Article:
MOSCOW (Reuters) - Dmitry Medvedev is glimpsed exchanging confidential smiles with Barack Obama as sinister music plays. The dead body of Russian ally Muammar Gaddafi, driven from power by the West, is dragged through the dirt. A camera homes in on the prime minister sweating and shifting uneasily in his chair.
The word ‘treason’ is uttered by a narrator.
A more than hour-long Internet video employs methods reminiscent of the Soviet past in excoriating a prime minister already laboring in President Vladimir Putin’s shadow.
Using archive footage and apparently recently conducted interviews, it presents Medvedev as weak and ready to surrender Russian interests to a conniving America - “no loyal ally”, in the words of ex-premier Yevgeny Primakov, one of those who seems to have spoken to the anonymous film-maker.
There have been questions about Medvedev’s future since he handed the powerful presidency back to Putin last year and took over as head of government after four years in the Kremlin.
Soon afterwards, Putin publicly reprimanded two of Medvedev’s ministers and fired one of them. More recently Defense Minister Anatoly Serdyukov was sacked over a multi-million dollar corruption scandal.
On Thursday, Putin was shown on state television gazing towards the ceiling while Medvedev delivered his five-year vision for Russia’s economic development.
The video, professionally produced, specifically condemns Medvedev for having allowed the passage of U.N. resolutions that led in 2011 to the overthrow and killing of Libyan leader Gaddafi, one of Russia’s top clients for oil and arms deals.
Medvedev has defended himself in the past over such accusations, arguing that the West had exceeded the parameters of the resolution in launching air strikes in support of rebels.
“Russia didn’t only lend its support to the voice of the international community. Dmitry Medvedev tried to provide a more valuable service and it turned out to be treason,” the narrator says, portraying Medvedev as a tool of the West.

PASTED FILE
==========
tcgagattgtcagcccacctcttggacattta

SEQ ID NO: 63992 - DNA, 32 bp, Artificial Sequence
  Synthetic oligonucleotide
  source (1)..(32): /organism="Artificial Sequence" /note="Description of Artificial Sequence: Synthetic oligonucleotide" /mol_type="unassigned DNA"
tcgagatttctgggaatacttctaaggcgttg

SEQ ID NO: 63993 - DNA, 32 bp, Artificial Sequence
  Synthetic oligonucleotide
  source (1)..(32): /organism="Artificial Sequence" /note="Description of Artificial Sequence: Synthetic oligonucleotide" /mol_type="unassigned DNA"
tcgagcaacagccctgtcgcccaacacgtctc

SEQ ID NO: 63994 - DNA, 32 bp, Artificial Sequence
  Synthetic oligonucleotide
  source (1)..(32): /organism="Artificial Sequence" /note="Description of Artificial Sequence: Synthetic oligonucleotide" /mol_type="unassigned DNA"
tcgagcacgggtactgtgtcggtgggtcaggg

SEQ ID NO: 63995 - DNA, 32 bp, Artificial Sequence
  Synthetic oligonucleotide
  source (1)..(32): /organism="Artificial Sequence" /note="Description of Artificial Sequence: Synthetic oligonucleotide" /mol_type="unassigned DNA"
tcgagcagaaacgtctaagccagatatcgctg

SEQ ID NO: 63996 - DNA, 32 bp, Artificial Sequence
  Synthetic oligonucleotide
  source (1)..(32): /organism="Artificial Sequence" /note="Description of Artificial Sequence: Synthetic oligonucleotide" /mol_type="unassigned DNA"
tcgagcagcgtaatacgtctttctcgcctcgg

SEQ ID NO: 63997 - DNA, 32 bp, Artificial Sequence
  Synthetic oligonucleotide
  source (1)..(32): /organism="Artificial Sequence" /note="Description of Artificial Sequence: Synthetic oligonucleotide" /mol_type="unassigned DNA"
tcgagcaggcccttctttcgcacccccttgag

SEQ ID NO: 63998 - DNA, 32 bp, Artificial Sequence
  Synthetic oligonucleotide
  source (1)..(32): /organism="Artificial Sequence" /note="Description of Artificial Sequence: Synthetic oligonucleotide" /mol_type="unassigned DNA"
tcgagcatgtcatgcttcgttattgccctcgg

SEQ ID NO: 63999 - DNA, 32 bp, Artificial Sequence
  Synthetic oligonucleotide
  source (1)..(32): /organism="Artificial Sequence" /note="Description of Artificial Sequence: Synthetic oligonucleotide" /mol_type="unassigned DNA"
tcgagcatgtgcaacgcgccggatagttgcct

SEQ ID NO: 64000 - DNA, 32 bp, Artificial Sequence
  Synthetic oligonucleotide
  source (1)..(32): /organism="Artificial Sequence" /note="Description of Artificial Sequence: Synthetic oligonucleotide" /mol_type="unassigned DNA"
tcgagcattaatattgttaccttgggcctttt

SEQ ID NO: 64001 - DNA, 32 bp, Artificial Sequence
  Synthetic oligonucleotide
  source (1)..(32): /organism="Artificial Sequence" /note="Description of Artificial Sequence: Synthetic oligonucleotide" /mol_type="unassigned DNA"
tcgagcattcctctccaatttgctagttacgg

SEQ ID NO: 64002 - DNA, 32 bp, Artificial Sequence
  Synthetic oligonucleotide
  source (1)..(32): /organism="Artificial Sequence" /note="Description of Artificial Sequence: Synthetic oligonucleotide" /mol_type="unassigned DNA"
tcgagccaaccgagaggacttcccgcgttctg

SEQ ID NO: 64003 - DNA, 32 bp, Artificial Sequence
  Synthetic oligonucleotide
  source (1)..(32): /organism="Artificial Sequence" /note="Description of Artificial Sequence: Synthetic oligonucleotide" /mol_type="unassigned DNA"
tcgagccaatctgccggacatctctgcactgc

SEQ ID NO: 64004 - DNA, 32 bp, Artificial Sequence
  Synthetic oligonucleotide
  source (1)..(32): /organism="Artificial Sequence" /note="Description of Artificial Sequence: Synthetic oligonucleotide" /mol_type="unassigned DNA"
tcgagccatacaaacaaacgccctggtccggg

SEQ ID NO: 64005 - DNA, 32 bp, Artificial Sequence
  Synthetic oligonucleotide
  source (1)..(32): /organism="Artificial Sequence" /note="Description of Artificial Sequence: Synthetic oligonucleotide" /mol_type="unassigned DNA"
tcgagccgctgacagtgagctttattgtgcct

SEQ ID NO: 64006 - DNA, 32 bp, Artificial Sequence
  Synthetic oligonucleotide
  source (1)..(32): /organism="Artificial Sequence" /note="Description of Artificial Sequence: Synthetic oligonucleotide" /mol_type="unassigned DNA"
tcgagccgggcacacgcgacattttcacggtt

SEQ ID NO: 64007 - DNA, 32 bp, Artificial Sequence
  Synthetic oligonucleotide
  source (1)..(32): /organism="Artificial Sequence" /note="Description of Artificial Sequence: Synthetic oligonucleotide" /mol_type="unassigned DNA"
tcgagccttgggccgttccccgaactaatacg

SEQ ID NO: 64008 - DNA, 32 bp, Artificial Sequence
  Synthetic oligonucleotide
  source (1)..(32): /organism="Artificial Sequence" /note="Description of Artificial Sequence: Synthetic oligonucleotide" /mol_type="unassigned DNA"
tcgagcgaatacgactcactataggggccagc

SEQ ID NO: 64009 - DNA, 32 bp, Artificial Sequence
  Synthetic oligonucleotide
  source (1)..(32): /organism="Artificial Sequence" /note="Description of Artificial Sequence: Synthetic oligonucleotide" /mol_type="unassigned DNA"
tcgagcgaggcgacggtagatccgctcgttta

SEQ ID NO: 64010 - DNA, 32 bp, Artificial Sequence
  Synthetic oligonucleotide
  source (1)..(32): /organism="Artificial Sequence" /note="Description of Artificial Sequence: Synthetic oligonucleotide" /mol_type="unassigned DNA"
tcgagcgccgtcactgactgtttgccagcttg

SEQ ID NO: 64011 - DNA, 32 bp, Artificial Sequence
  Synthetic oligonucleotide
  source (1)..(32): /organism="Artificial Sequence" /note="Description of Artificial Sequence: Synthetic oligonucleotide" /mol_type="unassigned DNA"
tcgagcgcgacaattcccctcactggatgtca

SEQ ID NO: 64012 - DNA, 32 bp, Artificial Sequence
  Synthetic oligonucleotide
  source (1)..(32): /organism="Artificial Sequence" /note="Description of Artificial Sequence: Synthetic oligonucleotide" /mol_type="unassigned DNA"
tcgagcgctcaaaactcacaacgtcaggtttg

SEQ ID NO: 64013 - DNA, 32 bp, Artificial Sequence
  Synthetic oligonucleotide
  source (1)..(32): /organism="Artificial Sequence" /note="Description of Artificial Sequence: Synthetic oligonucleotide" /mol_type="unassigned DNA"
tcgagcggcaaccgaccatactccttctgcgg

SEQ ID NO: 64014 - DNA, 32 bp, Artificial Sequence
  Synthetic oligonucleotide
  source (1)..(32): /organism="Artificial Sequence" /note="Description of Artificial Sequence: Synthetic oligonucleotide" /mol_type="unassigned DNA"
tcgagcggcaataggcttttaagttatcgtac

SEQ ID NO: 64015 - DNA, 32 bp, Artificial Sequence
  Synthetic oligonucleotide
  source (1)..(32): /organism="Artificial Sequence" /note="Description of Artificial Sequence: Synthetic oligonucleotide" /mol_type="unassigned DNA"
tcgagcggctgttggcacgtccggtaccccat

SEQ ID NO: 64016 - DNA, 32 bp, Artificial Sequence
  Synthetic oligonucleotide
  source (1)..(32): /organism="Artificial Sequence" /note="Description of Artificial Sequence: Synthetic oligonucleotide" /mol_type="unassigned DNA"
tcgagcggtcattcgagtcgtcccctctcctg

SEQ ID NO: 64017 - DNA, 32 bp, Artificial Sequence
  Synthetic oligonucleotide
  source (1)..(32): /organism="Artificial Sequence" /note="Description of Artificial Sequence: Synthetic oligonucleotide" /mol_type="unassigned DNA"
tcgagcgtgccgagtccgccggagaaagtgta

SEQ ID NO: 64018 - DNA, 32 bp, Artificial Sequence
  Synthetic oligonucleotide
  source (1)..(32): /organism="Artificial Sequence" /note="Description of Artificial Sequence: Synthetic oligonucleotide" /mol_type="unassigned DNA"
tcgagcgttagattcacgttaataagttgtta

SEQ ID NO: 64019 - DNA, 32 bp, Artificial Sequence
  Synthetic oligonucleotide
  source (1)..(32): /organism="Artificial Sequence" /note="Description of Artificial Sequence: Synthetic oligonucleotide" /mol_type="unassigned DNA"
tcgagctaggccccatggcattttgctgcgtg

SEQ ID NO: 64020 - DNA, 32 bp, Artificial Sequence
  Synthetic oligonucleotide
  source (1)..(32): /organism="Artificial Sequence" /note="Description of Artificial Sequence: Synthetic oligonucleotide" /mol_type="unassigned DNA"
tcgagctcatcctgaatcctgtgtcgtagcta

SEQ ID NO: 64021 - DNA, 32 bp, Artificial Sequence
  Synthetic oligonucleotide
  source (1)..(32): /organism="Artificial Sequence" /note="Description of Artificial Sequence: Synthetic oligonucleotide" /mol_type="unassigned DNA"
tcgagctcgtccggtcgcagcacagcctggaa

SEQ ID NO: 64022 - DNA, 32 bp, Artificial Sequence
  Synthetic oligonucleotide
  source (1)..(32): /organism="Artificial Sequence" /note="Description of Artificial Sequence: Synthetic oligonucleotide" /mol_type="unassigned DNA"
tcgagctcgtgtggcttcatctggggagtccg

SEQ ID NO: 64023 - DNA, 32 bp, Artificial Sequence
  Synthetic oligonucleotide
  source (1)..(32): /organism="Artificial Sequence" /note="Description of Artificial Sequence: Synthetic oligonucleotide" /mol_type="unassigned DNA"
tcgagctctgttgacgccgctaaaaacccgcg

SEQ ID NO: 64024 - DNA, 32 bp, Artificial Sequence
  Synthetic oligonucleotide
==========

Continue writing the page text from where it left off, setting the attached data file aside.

Leonid Ivashov, a retired general and now head of the Academy of Geopolitical Issues, is no less damning about the former president’s role in Gaddafi’s fall: “We lost an important ally, an important strategic partner and billions were lost to our economy and defense industry,” he says in an interview.
The video shows extended footage of the body of Gaddafi, Russia’s ally, being abused by rebels; it then cuts to unrelated archive film of U.S. Secretary of State Hillary Clinton looking at her cellphone, beaming and exclaiming “Wow!”
A spokeswoman for Medvedev declined to comment on the video.
In Soviet times, the decline and fall of senior figures would be divined in subtle signs; their distance from the leader in a group photograph, the position of their name in an obituary, the frequency with which they were quoted.
Post-Soviet politicians and magnates in the 1990s embraced the greater drama of the mass media age; a video of a minister frolicking in a sauna with naked women typified their “information wars”. But the general tactic, to undermine and discredit by the drip of innuendo and accusation, has remained the same, and the authors remain, as in Soviet times, anonymous.
The video, the second of its kind in six months to be directed against Medvedev, the turmoil in the government with the defense minister’s dismissal and looming economic difficulties all conspire to weaken Medvedev.